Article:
Image Credit: nexternal
A review has long been on the anvil but I didn’t get time until now to actually pen my thoughts. I had finished reading The Complete Maus by Art Spiegelman around two weeks ago but with a new job and Mandarin classes, things got a bit busy. But Maus is not a book that’s easy to forget. This Pulitzer Prize winning book is the story of the author’s father, a Holocaust survivor, who recounts his experiences. Here is the summary from the book jacket –
It is the story of Vladek Spiegelman, a Jewish survivor of Hitler’s Europe, and his son, a cartoonist coming to terms with his father’s story. Maus approaches the unspeakable through the diminutive. Its form, the cartoon (the Nazis are cats, the Jews mice), shocks us out of any lingering sense of familiarity…
There are many things to love in Maus. First of all it has multiple stories within it. Apart from the obvious war theme, Maus is an exploration into the human psyche. The will to survive and the inclination to kill and feelings of guilt and anger within oneself that bubble over threatening to burst but many times never do. It also examines relationships – between father and son, mother and son, Jews and non-Jews, prisoners and im-prisoners and just between stranger and stranger. Human behavior is as much a theme as the Holocaust.
Vladek’s behavior for one, is forever changed by the war. At one point he tells Art,
“Don’t get me wrong, I wasn’t obsessed with this stuff…it’s just that sometimes I fantasize Zyklon B (the gas that the Nazis used) coming out of our shower instead of water.”
Even otherwise a careful man, the war tilts this quality in him to the other extreme. He hesitates to spend money to get the chimney cleaned, preferring to do it himself, did not buy his new wife some new clothes and would not even throw out a broken plate instead gluing it back. The fear of being hungry and penniless had gotten through to his soul, creating a well there that would never be filled.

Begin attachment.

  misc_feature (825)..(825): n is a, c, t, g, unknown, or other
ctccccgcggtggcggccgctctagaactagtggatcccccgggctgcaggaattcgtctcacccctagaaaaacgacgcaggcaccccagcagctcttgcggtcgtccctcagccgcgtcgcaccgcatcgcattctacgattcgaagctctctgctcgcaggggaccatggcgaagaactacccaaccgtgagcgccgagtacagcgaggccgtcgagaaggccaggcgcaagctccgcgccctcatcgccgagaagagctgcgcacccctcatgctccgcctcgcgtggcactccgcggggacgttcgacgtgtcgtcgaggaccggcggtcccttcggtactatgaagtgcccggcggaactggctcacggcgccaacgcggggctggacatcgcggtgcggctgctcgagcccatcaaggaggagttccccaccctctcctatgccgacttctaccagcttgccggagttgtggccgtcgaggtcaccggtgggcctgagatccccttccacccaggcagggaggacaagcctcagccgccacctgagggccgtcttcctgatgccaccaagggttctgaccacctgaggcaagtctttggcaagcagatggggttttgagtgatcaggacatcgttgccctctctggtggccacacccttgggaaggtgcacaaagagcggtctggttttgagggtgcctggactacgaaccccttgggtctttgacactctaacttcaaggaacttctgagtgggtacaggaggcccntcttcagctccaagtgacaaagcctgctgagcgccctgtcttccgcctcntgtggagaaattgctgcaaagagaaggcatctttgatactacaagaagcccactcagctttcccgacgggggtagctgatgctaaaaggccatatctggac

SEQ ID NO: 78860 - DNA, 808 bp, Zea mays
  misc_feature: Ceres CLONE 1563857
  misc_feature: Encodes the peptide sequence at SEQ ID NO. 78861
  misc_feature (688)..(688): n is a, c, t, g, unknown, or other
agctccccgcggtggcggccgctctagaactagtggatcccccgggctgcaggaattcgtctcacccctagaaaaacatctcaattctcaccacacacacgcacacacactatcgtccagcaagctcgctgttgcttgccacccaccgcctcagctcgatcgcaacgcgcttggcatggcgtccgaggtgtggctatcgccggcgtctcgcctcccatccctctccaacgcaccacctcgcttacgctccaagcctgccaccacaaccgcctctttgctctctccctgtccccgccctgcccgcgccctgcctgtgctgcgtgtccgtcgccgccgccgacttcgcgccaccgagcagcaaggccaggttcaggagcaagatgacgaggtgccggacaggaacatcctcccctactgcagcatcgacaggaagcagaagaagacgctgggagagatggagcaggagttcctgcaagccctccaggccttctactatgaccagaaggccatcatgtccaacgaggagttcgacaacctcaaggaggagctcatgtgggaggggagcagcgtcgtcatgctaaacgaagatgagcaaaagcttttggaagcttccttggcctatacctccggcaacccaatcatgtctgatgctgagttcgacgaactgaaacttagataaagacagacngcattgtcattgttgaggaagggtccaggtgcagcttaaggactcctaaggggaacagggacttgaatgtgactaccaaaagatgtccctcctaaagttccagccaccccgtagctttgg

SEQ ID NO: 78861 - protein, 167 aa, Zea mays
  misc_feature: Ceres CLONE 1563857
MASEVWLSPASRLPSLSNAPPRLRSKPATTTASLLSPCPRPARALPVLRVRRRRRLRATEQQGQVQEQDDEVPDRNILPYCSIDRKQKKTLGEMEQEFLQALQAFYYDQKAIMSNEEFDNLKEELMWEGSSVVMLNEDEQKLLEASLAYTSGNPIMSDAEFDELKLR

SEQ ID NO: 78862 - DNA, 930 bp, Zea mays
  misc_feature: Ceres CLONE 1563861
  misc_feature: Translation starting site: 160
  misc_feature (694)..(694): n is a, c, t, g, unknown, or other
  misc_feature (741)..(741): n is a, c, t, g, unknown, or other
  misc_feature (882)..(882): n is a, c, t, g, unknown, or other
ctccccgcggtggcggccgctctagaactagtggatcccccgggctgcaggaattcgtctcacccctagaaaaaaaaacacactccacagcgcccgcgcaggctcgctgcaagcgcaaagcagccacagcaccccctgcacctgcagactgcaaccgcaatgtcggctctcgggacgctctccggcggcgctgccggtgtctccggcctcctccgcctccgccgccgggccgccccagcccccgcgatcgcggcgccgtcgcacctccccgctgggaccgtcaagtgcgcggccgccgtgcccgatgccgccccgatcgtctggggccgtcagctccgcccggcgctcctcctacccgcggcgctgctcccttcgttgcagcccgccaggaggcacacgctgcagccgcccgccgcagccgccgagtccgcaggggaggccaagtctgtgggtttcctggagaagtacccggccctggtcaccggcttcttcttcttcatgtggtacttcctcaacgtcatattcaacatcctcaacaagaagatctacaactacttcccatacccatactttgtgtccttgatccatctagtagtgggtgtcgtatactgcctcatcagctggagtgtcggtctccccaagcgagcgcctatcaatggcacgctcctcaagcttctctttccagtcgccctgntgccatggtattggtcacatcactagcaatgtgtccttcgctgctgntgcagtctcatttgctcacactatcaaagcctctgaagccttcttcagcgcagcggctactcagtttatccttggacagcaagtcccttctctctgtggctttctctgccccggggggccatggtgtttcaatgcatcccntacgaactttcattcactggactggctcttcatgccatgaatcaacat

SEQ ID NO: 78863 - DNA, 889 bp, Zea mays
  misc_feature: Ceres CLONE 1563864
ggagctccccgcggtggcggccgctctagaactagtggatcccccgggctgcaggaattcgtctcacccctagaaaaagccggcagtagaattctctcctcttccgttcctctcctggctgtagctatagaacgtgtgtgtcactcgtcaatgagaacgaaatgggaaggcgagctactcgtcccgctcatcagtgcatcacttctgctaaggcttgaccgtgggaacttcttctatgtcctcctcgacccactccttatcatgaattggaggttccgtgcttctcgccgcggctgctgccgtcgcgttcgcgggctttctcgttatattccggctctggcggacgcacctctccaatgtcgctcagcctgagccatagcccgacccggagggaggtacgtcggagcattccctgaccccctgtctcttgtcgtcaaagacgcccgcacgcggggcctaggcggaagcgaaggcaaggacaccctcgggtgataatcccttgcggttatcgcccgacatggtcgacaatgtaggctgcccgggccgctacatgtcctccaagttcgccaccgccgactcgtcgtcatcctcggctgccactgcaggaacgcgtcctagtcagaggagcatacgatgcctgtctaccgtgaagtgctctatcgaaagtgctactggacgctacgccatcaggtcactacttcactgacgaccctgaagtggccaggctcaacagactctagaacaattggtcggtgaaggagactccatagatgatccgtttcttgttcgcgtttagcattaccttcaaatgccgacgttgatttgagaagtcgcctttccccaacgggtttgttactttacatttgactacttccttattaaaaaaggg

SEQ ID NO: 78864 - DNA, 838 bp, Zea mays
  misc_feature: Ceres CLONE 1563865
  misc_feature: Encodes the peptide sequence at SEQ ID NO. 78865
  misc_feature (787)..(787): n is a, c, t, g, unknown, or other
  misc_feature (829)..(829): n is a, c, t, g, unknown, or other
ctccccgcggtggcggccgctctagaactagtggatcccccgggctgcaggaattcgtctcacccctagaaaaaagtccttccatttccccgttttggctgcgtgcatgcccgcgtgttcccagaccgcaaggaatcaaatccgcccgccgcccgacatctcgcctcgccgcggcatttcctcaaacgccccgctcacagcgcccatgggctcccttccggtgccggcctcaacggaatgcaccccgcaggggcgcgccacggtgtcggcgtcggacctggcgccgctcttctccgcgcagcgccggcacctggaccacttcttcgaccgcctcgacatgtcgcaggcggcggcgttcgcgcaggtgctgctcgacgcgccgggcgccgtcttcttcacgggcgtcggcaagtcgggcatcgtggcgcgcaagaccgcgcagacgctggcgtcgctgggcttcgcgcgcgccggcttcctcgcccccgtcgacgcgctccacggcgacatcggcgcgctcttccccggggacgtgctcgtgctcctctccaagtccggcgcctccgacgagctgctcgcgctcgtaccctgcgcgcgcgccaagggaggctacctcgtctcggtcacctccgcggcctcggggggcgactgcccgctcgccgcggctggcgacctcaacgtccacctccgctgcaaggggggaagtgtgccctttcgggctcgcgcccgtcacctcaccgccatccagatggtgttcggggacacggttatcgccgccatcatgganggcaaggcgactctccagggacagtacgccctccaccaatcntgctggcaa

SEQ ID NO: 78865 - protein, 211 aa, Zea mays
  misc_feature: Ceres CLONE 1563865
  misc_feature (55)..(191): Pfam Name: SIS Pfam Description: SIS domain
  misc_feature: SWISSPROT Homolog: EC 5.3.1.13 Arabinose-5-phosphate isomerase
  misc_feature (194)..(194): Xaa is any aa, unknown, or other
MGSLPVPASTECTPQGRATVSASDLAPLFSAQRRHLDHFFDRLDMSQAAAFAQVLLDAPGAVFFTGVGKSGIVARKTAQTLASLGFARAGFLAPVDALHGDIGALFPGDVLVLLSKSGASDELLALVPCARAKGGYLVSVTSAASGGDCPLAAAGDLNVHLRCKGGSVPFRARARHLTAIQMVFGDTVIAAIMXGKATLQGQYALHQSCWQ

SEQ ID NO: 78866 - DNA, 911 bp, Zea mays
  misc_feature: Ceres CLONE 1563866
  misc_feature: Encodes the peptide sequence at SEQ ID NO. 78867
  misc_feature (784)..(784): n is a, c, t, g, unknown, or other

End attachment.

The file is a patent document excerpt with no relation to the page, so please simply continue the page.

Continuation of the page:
While recounting his father’s experiences, Spiegelman also elaborates on his own experiences while staying with his father. Their incompatibility is a big irritant for Spiegelman who feels suffocated. He is not a bad son but he cannot relate to his father’s penurious actions, which makes him frustrated. Spiegelman also voices his own self-doubts while writing the book. “I feel so inadequate trying to reconstruct a reality that was worse than my darkest dreams. And trying to do it as a comic strip!...Maybe I ought to forget the whole thing.”
Most interesting of all, Spiegelman answers an interesting question perhaps we all have asked ourselves. Why didn’t the Jews fight back? They had numbers, solidarity and the united will to escape. Spiegelman’s father says that it was not easy.
“Everyone was so starving and frightened, and tired they couldn’t believe even what’s in front of their eyes. And the Jews lived always with hope. They hoped the Russians can come before the German bullet arrived from the gun into their head…In some spots people did fight… But you can kill maybe one German before they kill fast a hundred from you.”
Spiegelman’s writing style is of course quite simple and the narrative is needless to say extremely interesting. This is the graphic novel at one of its most powerful bests that takes the proverbial cat and mouse game to a whole new level. A game not to be missed. Last but not the least, thanks to fellow blogger Vishy for lending me this amazing book.
Verdict: Gripping. Insightful. Interesting.